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Montreal Canadiens goalie Carey Price sprawls in front of a leaping Ottawa Senators' Mika Zibanejad (93) during third period NHL playoff action in Ottawa, Sunday, April 26, 2015.Adrian Wyld

There will be complaints about the whistle, of course.

And perhaps there must be some hand-wringing over Ottawa Senators' coach Dave Cameron waiting until Game 3 before inserting goalie Craig Anderson.

What Ottawa supporters – or hockey fans in general – shouldn't be, however, is surprised.

The Montreal Canadiens recorded 50 wins this season, enough to earn the second playoff seed in the Eastern Conference, and they mostly followed a familiar game-plan: do your thing guys, and don't worry, we've got Carey Price.

This is a team that often has the analytics community scratching its heads: you're not supposed to be good when you're consistently out-chanced and out-shot, and when you don't score much while playing five-on-five.

Call it the Price effect.

When Montreal took it to the Senators, dominated possession, fired shots from everywhere and tried to skate Ottawa into the ground, they lost. Twice.  It didn't help that many of the shots weren't all that threatening and that their special teams were brutal.

Then the Habs went back to the familiar recipe, and it worked.

"If you watched our team this year that's pretty standard for us, we get a goal, get up and we're able to lock it down," said winger Brendan Gallagher. "We would like to be a little more aggressive at times in the game but they came hard, they weren't going to give up."

Great goaltending can paper over all manner of flaws, and there can be no arguing the Habs are far from perfect.

To point to just one flaw: the familiar zone exit strategy – dump the puck out of the zone, hopefully retrieve it, dump it into the other end, hopefully retrieve it – is prone to gifting opportunities to a swashbuckling team like, say, the Erik Karlsson-led Senators.

No one in a Montreal uniform cares about aesthetics or stats, though. They're still playing and Ottawa isn't.

They also know everything there is to know about Price, who after giving up five goals in his most recent opportunity to end the Sens' storybook season, was determined to get it done on Sunday.

"There's a reason he's our best player," said forward Max Pacioretty.

The 27-year-old Price may have looked a tiny bit nervy on the first saves he was called upon to make – after some early Montreal pressure to open the game, he stopped Milan Michalek and Alex Chiasson in quick succession from the slot.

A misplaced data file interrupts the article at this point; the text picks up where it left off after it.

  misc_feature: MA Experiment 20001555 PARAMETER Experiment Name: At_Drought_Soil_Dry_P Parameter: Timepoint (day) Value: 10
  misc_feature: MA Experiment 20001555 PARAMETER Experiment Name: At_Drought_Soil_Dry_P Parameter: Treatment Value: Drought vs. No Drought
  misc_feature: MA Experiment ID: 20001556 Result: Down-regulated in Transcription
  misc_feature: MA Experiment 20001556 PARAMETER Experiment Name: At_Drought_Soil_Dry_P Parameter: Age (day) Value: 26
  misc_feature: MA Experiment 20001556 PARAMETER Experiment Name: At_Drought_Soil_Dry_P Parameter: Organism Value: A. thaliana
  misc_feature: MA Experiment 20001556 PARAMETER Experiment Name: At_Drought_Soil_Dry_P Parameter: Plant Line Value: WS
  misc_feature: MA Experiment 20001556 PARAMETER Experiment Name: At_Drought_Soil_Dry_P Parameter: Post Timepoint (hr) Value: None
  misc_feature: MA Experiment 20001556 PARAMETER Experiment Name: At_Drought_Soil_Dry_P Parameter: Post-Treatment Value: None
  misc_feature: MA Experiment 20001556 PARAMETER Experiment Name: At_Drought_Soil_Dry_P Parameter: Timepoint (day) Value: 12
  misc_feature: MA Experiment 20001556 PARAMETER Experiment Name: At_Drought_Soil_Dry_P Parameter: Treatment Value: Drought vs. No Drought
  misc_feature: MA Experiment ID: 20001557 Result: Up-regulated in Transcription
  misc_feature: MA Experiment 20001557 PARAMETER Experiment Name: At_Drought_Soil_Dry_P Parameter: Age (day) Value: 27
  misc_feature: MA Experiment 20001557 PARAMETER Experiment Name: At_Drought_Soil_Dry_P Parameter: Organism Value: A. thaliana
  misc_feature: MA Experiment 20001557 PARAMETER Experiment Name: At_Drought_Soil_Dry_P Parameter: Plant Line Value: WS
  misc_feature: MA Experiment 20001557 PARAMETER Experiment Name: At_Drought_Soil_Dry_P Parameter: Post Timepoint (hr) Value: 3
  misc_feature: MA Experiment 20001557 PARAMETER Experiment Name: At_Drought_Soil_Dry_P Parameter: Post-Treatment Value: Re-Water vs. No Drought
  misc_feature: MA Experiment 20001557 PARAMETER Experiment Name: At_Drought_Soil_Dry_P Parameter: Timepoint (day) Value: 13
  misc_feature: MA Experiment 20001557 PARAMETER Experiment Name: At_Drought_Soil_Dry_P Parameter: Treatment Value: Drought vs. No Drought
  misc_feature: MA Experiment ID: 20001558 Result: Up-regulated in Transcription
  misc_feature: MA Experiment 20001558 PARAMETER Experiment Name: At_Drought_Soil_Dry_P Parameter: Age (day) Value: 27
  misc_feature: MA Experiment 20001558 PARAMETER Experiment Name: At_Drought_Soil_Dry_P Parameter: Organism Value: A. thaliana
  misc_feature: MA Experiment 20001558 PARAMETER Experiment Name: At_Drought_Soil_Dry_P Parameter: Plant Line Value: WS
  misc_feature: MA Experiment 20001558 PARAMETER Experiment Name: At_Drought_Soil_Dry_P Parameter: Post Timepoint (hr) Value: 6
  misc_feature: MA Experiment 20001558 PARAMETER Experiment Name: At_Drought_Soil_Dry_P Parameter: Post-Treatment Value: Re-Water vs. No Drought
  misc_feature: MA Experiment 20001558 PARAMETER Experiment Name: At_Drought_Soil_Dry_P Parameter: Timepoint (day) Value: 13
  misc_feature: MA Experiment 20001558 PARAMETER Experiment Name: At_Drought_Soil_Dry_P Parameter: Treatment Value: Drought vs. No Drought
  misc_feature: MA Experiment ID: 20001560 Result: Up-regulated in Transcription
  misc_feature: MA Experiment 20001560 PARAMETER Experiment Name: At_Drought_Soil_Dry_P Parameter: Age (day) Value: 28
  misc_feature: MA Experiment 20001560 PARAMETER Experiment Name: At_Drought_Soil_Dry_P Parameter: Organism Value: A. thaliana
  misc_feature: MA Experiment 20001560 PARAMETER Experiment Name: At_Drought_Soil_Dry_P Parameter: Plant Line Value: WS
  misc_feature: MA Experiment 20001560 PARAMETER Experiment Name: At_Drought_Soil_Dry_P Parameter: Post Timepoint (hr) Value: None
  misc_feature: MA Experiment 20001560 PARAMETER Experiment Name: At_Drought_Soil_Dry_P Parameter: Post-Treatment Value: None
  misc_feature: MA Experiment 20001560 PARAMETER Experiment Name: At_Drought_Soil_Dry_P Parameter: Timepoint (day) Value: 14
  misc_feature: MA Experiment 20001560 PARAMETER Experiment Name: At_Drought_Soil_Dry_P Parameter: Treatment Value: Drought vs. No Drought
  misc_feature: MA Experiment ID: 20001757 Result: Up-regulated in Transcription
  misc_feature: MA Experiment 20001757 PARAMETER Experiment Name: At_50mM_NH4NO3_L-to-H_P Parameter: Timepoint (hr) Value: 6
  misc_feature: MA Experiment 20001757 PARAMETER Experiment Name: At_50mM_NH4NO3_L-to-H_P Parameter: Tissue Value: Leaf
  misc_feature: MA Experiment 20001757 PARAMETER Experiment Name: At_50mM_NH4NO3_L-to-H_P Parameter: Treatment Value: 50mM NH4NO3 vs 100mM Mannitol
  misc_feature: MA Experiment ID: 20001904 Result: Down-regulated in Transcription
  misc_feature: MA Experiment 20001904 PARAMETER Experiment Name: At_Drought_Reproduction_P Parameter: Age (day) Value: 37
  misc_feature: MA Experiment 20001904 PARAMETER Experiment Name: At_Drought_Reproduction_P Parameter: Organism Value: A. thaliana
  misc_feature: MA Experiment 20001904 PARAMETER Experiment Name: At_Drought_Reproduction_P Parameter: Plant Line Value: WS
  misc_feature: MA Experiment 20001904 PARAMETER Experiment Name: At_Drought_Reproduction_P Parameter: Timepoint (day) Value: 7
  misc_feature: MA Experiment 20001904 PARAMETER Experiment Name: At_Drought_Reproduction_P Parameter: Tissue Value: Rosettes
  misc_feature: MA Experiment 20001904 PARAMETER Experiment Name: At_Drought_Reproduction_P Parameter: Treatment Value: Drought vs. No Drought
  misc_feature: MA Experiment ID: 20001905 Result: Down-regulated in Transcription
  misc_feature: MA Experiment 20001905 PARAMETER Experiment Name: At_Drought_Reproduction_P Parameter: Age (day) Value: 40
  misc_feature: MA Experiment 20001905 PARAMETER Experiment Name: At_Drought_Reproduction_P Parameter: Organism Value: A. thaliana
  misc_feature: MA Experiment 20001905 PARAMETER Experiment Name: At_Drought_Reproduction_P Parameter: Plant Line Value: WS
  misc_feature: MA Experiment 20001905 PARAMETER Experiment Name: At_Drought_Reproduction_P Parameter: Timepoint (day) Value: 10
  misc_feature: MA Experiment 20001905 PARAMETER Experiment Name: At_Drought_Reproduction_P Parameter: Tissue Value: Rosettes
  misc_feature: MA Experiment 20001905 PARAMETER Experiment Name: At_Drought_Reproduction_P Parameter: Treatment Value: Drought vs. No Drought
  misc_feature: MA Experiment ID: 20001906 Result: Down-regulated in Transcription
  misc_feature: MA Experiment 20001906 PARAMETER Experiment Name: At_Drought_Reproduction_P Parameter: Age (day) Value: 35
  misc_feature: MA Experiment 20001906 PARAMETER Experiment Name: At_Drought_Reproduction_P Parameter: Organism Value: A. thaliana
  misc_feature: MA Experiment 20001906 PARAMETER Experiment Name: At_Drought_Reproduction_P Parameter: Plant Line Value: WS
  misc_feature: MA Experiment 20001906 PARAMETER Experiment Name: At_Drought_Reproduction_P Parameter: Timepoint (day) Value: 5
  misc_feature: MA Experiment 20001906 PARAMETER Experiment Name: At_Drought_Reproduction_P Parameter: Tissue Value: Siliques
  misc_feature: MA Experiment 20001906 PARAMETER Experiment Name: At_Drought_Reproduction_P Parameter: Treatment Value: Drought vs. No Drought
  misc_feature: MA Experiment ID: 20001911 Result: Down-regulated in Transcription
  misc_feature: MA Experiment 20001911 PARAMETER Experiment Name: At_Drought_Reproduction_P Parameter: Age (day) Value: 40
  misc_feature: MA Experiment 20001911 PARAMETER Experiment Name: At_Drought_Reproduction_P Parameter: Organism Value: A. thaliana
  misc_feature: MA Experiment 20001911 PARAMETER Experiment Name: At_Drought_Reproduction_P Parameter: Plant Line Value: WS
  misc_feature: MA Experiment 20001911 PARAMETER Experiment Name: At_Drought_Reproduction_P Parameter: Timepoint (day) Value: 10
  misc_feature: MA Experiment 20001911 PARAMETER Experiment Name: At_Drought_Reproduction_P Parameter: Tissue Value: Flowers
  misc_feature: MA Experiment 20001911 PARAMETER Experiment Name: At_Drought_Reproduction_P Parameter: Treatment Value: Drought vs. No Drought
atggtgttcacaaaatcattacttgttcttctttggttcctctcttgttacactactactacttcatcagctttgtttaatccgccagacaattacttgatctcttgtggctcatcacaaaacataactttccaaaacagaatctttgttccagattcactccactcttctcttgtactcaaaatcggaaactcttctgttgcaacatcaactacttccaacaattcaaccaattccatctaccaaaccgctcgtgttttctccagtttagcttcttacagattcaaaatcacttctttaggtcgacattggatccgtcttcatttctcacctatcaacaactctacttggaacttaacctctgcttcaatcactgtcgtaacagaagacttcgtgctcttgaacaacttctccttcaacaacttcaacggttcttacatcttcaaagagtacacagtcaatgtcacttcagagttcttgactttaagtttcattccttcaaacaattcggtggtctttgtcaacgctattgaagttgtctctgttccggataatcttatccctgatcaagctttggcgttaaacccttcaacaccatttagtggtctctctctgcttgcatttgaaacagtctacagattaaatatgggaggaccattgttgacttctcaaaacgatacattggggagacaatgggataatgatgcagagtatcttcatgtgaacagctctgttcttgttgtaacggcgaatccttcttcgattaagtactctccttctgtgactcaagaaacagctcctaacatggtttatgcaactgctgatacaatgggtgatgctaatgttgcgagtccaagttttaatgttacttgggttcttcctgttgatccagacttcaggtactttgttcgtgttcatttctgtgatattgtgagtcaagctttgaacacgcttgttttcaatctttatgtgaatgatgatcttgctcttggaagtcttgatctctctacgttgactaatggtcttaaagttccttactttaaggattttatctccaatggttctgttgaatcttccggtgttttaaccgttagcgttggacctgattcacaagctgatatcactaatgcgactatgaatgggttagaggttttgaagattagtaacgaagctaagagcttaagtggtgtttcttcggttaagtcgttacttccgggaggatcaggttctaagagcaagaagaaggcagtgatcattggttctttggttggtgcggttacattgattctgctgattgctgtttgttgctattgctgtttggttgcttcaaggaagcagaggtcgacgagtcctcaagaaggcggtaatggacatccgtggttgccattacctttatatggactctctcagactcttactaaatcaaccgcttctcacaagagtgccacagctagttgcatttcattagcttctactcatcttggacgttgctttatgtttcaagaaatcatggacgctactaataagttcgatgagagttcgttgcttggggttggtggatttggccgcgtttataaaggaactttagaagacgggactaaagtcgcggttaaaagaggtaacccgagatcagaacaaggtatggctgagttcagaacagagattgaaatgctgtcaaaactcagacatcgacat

From there, he was firmly in control.

It's true that Ottawa should have tied the game on Jean-Gabriel Pageau's diving shot later in the first, but Chris Lee's hasty whistle took care of that (he had lost sight of the puck).

"I think the referee there just had bad puck luck," said Cameron, who was the very picture of class in defeat.

Ottawa and Montreal fans now have a point of commonality: scorching-hot hatred of Lee (he is frequently accused of bias against the Habs).

From there, it was the Price Goaltending Clinic.

He denied Kyle Turris on a two-on-one, he thwarted Michalek on a tip, then stopped Patrick Wiercioch, Mike Hoffman, Bobby Ryan. He stopped Pageau. He stopped Erik Condra. High shots, low shots, jam plays, he stopped them.

In the third, a shot caromed first off defenceman P.K. Subban, then off Andrei Markov's skate in front of the net, Price saw the puck as it skittered toward his net and calmly covered it.

As the Sens tried desperately to find an equalizer, he turned away nine shots in the last three minutes of the game, a couple of them gilt-edged and beribboned.

The wild and woolly conclusion notwithstanding, Montreal's defence did a far better job of allowing Price to see what was unfolding in front of him.

There were few moments where he couldn't get a sight-line on the puck, this was the result of effort and some strategic tinkering.

"We did a good job of boxing out today . . . (Price) battled hard, we wanted to get this one for him," said Subban, who had a few anxious moments and didn't have an especially distinguished series (and the less said about partner Markov's showing against the Sens, the better).

Ottawa could have sagged after the disallowed goal, but it's almost as if they realized they had more than two periods to erase it; Ottawa out-shot the Habs 43-14 after recording their first shot at the 9 minute mark of the first.

The Senators were done in partly because of a Habs-like power-play – zero goals and four shots on four power-plays, three of which came on their final man-advantage in the third period.

Coming into the game, Ottawa had the post-season's second-best power-play, five of their 12 goals in the series came with a Montreal player in the box.

The Senators also lost the series because of goaltending mistakes by rookie Andrew Hammond in the first two games.

But there is also this: five of the six games in this set were decided by one goal, and Ottawa was able to win only one.

"We won close hockey games, that was the difference: we were able to bear down . . . it speaks to the character of our team," Gallagher said.

So after having a serious fright thrown into them by the Senators, the Montreal Canadiens are through to the second round.

It wasn't pretty. It didn't have to be.